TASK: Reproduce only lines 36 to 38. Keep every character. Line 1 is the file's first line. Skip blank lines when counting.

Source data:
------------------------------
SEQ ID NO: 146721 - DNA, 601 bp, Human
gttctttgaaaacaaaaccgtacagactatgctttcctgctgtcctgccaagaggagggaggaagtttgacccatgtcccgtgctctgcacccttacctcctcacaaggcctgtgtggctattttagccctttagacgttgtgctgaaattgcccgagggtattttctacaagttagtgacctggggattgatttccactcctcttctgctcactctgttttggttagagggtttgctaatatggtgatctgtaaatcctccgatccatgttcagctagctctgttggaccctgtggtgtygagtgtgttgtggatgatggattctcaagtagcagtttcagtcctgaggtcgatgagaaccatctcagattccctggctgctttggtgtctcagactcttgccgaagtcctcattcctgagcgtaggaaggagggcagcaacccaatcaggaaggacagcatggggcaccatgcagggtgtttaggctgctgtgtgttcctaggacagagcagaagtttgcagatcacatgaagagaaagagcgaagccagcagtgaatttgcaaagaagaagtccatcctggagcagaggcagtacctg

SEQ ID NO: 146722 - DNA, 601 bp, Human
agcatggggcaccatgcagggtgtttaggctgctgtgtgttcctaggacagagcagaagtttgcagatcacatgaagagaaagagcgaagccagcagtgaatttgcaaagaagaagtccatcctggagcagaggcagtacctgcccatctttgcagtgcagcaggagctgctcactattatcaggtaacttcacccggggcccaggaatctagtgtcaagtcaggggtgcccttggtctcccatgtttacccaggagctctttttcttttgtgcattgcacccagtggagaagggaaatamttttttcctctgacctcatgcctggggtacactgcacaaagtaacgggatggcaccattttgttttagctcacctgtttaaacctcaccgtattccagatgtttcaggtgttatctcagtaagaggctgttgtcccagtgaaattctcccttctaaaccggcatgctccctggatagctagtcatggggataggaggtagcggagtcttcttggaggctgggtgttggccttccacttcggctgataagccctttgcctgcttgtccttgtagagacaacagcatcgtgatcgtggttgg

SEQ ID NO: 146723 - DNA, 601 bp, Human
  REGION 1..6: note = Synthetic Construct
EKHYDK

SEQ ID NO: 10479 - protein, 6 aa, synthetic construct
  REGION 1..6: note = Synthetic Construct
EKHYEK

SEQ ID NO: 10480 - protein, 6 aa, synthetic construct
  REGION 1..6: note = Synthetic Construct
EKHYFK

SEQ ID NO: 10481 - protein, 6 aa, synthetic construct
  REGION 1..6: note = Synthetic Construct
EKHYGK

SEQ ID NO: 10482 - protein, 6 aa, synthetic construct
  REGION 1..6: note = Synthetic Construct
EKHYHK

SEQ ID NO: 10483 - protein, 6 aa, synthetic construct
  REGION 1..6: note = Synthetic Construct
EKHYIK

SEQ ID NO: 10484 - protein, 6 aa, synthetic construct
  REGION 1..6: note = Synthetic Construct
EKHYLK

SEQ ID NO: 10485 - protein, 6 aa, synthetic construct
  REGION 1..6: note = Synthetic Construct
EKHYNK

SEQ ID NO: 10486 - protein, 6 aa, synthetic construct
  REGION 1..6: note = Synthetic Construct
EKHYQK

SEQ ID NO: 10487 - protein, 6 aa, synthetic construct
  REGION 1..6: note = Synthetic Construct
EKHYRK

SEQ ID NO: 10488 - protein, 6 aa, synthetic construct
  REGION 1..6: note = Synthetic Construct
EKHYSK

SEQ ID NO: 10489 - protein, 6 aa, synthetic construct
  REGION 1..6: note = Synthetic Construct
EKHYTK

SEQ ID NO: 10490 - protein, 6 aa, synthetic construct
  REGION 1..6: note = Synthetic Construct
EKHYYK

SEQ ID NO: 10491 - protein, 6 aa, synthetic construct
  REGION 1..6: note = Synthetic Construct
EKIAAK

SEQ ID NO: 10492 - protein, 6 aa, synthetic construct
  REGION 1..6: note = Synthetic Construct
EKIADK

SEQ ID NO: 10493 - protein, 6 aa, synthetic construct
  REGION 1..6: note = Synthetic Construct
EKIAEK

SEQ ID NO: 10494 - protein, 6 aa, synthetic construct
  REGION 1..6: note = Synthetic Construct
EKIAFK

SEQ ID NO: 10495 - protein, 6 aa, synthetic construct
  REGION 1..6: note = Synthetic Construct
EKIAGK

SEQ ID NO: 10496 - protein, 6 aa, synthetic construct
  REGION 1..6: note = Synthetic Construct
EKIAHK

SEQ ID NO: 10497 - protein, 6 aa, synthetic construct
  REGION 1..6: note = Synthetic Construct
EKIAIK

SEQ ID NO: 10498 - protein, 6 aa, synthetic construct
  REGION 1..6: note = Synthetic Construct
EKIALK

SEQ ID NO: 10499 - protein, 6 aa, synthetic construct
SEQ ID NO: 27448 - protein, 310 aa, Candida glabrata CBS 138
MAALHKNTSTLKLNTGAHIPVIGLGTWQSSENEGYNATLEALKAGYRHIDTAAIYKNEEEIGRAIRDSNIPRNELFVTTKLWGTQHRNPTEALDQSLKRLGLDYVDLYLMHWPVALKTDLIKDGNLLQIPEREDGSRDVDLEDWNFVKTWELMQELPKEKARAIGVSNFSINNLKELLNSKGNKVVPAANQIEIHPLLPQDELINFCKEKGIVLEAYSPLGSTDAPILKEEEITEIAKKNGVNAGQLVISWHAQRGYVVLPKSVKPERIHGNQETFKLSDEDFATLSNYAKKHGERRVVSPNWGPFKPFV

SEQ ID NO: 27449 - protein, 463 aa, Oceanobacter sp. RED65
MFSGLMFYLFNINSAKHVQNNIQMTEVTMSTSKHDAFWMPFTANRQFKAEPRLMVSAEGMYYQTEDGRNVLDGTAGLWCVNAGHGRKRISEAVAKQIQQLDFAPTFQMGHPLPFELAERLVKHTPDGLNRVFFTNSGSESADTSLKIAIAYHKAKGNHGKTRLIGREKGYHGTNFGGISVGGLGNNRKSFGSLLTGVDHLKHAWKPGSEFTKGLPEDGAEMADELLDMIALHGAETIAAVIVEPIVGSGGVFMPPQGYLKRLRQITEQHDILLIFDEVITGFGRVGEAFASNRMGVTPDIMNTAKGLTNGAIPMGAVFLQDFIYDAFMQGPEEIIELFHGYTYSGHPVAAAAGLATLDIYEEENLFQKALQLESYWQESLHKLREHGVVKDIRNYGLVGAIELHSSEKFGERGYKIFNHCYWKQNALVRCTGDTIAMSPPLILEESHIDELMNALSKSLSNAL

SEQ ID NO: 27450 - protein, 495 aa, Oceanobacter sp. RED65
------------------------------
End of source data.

  REGION 1..6: note = Synthetic Construct
EKHYSK

SEQ ID NO: 10489 - protein, 6 aa, synthetic construct